11. 11. 11/20 However, some of this information is dynamic in nature (e.g. DSL sync rate) and cannot come from a provisioning or inventory management OSS system. Instead, a Layer 2 control mechanism can provide this dynamic information from the DSLAM to the BSR when a DSL line resynchronizes. This infor- mation is available in the BSR independent of any active user session, un- like other proposed mechanisms using an extended DHCP relay agent or PPPoE intermediate agent. In addition to QoS support, Layer 2 control can also be used to close the functional gap for end-to-end connectivity tests between the BSR and the CPE. Traditionally, ATM’s F4/F5 loopback tests have been used for oper- ation and troubleshooting. Since Ethernet is getting a more important role as a Layer aggregation network, it must test and troubleshoot connectivity in the case of a mixed Ethernet and ATM access network (including the local loop). While Ethernet OAM standards (e.g. IEEE 802.1ag) are still work in progress (especially in a mixed Ethernet and ATM scenario), Layer 2 control has successfully been used to close this gap and to test the connectivity between the BSR and the CPE including the local loop. 4.4. Multicast replication Multicast replication is one of the essential components in efficient delivery of IPTV broadcast services. Depending on the network topology and ser- vice subscription rates, generally all network elements including DSLAMs, aggregation switches and IP edge routers perform multicast replication, as it is shown in Figure 4. In VDSL networks where the short range of VDSL results in low number of subscribers per DSLAM, the last multicast replica- tion point can also be the first aggregation switch instead of the DSLAM itself. xDSL IP DSLAM Multicast 1 replication 2 3 4 K Multicast and shaping/subscr. TV Ethernet Ethernet xDSL IP DSLAM switch switch 1 2 3 4 L BSR xDSL IP DSLAM 1 2 3 L2C (RAM, OAM) 4 M IPTV headend Figure 4: Layer 2 control and multicast replication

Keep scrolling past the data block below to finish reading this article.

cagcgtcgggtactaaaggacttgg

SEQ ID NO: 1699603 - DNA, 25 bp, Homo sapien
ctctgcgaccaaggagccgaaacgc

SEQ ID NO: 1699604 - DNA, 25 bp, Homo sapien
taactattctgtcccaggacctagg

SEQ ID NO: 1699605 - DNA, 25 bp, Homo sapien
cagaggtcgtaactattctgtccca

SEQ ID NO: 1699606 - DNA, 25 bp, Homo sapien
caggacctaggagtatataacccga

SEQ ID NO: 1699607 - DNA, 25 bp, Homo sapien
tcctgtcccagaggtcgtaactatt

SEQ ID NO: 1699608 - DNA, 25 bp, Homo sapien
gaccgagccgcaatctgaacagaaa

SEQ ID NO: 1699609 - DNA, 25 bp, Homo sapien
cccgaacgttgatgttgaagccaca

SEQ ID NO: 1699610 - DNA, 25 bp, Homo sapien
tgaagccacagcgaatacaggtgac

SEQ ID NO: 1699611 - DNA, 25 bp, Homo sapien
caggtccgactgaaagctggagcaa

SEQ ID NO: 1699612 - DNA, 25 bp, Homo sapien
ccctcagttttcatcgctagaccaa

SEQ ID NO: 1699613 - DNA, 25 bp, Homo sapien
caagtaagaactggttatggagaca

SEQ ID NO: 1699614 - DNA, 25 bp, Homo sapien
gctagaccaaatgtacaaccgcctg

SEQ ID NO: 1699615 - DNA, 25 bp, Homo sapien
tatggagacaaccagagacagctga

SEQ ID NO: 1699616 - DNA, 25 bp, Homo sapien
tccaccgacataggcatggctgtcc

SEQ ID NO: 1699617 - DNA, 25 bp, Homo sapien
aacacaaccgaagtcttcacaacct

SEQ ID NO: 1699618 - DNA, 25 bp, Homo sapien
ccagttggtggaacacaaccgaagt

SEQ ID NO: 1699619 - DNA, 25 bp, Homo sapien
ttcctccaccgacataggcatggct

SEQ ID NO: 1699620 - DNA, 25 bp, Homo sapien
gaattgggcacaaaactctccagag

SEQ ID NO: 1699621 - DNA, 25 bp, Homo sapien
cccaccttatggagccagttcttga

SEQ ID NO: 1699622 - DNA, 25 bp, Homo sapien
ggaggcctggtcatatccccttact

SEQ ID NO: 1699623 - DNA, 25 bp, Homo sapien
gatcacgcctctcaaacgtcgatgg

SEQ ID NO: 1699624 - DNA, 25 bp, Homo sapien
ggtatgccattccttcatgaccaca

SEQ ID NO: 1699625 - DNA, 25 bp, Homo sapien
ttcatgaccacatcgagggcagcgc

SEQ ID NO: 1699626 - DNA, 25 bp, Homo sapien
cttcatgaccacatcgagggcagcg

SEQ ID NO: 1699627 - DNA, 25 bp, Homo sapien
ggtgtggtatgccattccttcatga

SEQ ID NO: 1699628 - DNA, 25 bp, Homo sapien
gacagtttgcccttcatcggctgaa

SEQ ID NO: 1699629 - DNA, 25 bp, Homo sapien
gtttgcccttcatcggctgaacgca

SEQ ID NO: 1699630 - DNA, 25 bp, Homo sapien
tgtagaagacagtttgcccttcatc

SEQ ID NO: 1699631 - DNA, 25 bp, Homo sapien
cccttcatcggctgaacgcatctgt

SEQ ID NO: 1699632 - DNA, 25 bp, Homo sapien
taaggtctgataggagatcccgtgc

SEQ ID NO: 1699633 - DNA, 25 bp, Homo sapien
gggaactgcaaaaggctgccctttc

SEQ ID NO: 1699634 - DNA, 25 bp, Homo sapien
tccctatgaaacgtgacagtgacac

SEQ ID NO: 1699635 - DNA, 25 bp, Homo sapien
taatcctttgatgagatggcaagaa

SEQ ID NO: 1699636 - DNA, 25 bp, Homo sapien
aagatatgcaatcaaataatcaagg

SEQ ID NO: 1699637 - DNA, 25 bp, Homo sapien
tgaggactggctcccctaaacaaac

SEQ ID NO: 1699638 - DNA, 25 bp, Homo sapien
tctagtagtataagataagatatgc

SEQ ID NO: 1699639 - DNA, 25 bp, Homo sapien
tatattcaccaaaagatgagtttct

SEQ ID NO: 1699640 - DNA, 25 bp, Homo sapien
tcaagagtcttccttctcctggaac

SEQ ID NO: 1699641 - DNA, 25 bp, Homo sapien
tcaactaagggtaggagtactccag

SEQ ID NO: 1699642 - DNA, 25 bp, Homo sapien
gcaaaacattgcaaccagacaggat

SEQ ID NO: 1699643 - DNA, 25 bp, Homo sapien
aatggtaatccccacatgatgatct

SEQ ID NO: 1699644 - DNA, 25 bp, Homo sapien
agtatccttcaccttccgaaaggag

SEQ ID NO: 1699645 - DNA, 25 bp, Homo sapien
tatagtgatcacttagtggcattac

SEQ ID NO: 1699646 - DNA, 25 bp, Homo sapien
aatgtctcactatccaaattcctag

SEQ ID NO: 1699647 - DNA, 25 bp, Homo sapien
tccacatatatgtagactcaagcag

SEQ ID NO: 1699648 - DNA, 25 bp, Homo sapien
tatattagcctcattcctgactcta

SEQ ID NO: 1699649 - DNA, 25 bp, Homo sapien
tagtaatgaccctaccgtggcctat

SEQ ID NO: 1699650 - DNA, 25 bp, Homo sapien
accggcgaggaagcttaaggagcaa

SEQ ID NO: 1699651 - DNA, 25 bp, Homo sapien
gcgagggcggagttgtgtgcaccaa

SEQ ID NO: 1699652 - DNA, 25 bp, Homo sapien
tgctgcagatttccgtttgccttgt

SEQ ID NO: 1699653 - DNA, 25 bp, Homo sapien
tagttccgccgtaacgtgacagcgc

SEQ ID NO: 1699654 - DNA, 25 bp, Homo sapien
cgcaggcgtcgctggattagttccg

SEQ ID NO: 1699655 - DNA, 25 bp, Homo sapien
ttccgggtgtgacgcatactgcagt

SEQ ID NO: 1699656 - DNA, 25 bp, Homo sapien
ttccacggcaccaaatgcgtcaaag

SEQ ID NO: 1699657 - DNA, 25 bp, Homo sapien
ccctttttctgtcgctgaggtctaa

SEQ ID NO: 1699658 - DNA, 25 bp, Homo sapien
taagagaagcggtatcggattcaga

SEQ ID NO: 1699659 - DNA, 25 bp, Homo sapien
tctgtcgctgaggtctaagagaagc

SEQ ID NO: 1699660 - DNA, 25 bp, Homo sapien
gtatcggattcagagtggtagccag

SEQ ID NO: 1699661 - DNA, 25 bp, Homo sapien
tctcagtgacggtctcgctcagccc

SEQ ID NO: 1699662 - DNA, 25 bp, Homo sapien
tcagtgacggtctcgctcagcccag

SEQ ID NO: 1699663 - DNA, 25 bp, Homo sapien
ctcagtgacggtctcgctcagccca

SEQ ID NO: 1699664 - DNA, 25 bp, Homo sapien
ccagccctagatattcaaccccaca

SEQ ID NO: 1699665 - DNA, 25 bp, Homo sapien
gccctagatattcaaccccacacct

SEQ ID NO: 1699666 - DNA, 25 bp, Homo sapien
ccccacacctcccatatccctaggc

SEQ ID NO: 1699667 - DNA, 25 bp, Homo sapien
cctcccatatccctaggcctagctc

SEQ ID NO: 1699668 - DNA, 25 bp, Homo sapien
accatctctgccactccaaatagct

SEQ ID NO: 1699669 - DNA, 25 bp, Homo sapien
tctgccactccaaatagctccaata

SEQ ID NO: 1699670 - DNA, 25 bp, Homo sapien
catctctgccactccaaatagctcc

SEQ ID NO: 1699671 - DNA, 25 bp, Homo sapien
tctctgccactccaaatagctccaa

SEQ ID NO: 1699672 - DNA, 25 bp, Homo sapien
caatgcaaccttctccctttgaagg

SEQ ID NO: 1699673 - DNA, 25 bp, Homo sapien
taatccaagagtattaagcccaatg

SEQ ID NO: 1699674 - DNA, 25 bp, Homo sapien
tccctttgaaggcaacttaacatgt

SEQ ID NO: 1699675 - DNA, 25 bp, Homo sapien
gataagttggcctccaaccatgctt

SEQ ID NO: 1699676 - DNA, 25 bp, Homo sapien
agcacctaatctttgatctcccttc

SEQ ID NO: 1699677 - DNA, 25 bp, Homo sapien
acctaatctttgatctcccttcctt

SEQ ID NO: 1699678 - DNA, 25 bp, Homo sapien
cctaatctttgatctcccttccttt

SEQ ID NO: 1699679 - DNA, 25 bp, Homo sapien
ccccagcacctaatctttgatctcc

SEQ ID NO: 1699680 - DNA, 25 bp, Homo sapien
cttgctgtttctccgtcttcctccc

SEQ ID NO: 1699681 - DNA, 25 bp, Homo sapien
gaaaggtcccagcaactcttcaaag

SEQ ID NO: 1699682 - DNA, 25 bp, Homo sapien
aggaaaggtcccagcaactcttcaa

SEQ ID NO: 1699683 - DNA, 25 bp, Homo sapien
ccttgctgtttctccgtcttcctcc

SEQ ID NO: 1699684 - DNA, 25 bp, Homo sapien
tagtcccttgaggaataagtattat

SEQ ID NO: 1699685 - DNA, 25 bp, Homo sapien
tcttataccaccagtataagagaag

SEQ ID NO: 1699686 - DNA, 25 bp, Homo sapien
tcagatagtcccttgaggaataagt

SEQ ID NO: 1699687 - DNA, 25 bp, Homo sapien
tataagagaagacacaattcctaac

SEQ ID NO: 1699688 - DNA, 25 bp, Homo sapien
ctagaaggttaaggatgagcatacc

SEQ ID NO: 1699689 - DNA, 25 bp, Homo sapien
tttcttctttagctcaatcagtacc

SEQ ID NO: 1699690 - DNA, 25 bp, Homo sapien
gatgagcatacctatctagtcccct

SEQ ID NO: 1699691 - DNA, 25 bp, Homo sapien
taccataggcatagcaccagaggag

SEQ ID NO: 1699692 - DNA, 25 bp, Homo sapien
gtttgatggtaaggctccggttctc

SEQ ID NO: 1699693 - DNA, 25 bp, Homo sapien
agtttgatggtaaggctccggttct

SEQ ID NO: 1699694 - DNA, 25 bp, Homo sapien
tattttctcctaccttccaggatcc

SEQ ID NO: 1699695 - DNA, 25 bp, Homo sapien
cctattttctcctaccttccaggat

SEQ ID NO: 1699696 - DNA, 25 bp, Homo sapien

12. 12. 12/20 High-quality and resilient IPTV multicast architecture – Technical White Paper 5. Core network design concepts Optimized for scale. This paper addresses three different mechanisms for distributing multicast traffic throughout the IP backbone. Two of them, PIM SSM and PIM SM, are based on IGP only, and the third, P2MP LSPs, are based on the MPLS multicast distribution concept. 5.1. PIM SSM The PIM SSM mode, shown in Figure 5, requires the edge router to know about the IP address S of the multicast source providing the multicast group G. The router will issue a PIM Join request directly towards the corresponding source. This Join request will be forwarded along the shortest path (in terms of the IGP) to the multicast source until it reaches a router which is already aware of the multi- cast group G. The existing SPT is then extended down to the requesting edge router. In general, there are two ways the edge router can determine the IP ad- dress S of the corresponding multicast source: a) The receiver uses IGMPv3 to signal its request for a certain multicast group address G and explicitly includes the multicast source address S in every IGMP Join message (IGMP v1/2 does not provide that functionality). b) By configuration, the edge router knows about a mapping G > S. Whenever either an IGMPv1/2 Join message or an IGMPv3 Join message without ex- plicitly specifying the IP address of the multicast source occurs, the edge router uses this mapping to identify the right multicast source for multicast group address G. Static SSM mapping Multicast (IMGPv1/2 > IGMPv3) Active traffic for Group G Multicast Receiver 3 Receiver DR Receiver DR Standby IGMP v1/2 Multicast Receiver 2 Receiver DR Multicast Receiver 1 Figure 5: PIM SSM scenario with static SSM mapping at the edge